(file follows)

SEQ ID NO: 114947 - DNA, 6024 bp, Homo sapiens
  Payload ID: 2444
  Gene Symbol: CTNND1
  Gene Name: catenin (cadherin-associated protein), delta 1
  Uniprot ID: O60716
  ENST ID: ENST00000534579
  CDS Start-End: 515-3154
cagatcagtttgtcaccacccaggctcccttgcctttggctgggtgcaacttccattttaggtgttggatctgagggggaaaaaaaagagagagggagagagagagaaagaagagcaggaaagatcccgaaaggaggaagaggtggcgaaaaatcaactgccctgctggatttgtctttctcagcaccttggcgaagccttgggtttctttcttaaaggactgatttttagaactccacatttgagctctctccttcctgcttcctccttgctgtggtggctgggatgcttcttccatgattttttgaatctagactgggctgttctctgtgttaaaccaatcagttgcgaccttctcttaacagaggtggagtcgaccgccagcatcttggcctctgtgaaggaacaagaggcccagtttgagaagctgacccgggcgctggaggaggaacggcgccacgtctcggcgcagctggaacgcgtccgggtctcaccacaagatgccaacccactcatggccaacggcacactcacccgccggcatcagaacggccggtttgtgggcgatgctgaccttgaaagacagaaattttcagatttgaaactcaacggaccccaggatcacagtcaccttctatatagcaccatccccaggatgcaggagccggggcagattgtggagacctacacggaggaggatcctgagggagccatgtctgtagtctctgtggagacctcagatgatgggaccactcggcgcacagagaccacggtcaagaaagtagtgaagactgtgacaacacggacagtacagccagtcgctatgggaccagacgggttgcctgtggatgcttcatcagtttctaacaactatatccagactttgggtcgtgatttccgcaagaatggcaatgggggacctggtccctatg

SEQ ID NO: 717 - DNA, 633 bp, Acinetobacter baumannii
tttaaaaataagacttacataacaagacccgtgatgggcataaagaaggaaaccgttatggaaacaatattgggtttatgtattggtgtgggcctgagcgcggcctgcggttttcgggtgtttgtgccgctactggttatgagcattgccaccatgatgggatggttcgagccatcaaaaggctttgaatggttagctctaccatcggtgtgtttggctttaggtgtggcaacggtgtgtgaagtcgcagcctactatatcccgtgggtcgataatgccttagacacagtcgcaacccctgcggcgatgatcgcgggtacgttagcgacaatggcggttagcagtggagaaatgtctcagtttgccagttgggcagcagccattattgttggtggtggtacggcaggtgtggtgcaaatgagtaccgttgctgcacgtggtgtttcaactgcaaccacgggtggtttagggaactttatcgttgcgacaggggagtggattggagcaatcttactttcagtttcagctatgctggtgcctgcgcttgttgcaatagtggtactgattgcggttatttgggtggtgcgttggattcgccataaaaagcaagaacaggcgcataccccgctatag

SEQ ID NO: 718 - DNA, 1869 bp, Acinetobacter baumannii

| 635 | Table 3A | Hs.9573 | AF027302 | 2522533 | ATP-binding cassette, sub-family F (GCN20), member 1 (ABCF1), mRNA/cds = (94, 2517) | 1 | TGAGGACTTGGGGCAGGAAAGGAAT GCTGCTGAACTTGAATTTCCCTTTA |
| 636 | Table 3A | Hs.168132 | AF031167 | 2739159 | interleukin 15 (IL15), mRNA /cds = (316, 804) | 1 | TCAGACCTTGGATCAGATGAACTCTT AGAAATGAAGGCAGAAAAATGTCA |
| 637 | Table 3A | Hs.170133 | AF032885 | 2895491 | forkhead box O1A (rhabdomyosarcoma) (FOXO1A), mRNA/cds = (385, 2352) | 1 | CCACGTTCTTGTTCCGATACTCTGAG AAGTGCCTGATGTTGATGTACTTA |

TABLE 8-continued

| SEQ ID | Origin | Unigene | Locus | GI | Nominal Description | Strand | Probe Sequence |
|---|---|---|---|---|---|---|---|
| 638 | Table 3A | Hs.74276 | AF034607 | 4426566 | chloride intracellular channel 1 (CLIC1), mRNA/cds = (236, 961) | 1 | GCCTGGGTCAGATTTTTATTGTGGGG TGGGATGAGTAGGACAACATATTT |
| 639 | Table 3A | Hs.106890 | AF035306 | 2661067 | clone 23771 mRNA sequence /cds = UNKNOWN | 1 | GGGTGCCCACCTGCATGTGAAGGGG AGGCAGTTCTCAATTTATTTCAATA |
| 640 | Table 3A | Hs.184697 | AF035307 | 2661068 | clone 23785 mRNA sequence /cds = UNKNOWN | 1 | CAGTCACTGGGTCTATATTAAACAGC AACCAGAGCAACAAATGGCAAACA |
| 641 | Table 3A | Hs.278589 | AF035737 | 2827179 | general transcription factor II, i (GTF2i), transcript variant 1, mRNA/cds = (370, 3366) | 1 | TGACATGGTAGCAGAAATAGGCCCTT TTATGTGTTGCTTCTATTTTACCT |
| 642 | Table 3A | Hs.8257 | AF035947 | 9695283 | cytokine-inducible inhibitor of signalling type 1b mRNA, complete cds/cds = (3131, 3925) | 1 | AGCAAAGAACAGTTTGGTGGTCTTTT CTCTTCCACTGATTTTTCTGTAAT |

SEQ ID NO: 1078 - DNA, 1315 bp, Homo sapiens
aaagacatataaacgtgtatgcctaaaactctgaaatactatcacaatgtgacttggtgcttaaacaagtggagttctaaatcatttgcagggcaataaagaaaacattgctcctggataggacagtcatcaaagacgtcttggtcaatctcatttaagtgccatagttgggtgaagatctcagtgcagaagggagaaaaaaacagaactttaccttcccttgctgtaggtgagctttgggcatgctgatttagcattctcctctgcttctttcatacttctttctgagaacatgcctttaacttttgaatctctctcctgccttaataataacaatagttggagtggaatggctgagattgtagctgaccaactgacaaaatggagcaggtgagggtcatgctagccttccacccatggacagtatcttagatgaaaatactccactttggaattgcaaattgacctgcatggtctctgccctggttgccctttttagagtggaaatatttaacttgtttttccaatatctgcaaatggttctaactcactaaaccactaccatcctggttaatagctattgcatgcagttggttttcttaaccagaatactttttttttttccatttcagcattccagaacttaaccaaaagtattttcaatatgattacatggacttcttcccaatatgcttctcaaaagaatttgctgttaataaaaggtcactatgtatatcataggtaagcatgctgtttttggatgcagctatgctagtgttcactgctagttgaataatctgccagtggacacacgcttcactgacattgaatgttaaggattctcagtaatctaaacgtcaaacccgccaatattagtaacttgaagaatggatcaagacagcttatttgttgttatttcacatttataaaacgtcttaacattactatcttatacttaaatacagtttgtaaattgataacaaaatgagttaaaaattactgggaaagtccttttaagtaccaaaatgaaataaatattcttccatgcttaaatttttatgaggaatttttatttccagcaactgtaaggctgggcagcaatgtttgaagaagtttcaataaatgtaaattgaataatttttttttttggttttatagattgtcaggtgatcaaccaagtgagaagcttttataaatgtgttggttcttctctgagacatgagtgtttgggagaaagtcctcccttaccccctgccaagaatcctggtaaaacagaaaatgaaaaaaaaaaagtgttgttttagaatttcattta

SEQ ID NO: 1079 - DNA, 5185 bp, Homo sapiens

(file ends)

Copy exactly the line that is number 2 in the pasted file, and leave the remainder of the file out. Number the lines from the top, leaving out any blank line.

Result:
  Payload ID: 2444